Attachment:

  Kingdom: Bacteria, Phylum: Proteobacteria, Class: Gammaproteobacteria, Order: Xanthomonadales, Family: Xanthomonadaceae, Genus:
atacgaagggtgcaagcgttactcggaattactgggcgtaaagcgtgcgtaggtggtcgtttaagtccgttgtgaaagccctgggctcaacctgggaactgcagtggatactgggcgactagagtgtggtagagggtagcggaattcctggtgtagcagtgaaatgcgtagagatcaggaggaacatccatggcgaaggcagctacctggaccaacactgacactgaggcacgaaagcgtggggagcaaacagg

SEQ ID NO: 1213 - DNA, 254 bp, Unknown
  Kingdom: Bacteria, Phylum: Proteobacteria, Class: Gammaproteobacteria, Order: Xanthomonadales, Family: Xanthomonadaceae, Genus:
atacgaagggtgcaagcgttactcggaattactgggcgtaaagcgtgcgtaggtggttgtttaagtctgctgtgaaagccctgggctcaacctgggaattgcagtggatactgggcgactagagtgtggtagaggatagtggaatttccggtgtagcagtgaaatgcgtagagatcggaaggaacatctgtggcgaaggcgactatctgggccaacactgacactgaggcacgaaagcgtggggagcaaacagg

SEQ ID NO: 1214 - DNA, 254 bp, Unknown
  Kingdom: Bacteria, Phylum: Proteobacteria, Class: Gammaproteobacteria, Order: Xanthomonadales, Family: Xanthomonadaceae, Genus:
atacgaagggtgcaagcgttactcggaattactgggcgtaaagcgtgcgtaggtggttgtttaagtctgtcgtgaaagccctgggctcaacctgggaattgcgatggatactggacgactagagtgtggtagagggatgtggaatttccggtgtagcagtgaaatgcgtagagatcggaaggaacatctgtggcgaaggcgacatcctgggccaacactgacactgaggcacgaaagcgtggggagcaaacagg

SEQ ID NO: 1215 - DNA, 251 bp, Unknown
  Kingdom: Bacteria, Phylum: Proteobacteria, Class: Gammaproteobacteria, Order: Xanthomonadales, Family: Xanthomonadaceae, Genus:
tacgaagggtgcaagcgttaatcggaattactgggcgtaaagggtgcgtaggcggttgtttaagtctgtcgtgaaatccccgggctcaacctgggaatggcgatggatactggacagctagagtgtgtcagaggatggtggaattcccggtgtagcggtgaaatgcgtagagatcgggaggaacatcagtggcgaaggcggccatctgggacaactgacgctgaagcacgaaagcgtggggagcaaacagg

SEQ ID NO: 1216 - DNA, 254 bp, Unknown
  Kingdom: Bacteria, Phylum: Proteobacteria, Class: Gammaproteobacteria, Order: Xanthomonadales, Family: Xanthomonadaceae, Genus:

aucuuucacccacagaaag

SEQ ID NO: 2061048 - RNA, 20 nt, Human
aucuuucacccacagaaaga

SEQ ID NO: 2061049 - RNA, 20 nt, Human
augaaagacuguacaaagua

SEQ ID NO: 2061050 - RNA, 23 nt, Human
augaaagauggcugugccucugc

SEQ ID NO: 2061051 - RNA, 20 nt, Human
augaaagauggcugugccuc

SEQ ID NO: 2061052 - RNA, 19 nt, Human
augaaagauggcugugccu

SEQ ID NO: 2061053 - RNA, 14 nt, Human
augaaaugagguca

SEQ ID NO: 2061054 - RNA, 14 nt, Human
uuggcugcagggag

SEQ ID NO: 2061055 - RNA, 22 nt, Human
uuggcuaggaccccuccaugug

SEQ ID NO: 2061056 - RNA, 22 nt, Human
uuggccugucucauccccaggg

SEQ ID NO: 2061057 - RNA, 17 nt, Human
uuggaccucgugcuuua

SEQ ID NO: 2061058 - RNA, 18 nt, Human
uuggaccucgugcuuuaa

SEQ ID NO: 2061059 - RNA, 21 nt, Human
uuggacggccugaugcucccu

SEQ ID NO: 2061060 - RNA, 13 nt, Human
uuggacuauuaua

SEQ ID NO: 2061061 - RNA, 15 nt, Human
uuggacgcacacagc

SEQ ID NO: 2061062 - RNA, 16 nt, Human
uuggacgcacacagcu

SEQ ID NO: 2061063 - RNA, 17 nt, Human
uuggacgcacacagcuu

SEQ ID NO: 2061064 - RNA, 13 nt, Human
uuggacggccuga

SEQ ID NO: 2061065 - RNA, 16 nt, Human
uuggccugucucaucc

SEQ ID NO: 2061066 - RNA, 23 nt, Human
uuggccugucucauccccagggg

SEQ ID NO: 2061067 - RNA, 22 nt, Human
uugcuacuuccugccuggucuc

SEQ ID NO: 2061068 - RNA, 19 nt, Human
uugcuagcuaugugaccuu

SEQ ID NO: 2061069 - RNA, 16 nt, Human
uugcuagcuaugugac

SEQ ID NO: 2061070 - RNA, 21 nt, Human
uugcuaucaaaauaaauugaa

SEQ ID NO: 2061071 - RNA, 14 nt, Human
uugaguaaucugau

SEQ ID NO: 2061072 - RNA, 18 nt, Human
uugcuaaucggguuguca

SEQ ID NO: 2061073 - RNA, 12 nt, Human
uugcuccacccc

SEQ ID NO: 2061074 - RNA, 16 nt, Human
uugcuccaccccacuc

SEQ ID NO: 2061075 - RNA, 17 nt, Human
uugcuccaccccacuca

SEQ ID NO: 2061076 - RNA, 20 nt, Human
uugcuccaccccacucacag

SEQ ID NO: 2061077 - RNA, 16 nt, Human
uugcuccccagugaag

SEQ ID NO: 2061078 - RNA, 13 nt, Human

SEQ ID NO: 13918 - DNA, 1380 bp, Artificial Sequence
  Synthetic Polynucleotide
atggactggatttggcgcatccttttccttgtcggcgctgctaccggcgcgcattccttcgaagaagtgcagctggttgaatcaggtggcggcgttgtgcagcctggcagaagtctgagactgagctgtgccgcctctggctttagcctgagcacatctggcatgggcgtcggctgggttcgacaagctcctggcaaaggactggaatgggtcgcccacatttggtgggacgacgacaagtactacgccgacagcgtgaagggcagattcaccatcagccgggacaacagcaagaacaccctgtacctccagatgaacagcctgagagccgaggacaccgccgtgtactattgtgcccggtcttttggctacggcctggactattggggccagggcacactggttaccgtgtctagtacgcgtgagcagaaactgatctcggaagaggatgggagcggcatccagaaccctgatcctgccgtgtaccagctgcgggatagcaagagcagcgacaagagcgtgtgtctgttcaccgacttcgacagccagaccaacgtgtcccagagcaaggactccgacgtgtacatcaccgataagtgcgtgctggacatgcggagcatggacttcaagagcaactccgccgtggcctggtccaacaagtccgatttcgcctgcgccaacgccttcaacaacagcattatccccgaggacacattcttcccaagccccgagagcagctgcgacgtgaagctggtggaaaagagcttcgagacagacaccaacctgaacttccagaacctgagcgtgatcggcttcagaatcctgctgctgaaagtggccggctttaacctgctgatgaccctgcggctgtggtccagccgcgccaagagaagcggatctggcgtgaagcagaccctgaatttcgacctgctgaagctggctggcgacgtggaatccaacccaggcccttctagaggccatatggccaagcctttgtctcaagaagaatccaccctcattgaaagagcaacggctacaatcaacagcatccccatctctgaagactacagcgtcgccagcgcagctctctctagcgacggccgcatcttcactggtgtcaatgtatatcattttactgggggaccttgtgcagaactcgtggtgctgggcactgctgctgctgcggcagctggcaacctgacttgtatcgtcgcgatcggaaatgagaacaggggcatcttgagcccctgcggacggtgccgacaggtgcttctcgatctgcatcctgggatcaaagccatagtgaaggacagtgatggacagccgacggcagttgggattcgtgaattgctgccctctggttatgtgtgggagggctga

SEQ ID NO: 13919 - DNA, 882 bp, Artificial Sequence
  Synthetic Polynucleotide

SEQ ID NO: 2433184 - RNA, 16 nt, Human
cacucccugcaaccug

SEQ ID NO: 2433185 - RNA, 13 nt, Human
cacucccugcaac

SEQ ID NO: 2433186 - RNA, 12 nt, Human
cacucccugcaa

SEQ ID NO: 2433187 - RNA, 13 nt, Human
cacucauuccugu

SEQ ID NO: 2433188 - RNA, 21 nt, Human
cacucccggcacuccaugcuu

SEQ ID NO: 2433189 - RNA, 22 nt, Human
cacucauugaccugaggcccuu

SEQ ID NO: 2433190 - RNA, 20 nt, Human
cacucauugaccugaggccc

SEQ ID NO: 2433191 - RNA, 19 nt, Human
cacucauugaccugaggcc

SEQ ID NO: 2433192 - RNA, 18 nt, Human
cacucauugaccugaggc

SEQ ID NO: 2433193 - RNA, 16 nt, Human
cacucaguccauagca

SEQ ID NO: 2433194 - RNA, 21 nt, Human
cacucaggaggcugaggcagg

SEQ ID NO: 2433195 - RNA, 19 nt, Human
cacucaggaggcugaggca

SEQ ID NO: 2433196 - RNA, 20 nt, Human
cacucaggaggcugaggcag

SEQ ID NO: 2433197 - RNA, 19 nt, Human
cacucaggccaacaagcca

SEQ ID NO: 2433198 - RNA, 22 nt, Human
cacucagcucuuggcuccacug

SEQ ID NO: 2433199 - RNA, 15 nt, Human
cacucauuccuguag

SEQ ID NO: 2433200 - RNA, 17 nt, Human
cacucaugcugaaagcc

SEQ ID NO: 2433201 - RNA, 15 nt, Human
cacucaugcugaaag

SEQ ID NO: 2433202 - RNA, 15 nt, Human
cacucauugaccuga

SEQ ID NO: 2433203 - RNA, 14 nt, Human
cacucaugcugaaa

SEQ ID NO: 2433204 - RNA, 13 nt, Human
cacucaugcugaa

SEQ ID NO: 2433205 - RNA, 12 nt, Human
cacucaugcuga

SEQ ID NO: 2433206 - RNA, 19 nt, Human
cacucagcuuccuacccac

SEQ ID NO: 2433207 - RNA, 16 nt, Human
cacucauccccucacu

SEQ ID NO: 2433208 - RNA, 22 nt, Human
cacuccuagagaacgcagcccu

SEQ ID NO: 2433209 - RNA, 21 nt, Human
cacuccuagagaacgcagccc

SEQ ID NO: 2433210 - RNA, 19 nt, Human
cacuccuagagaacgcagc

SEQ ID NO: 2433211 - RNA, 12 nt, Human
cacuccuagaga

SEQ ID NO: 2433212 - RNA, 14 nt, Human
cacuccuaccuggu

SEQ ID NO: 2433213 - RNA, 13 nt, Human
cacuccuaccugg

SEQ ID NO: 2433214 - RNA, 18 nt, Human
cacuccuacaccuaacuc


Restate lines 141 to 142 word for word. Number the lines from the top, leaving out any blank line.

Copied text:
SEQ ID NO: 2433214 - RNA, 18 nt, Human
cacuccuacaccuaacuc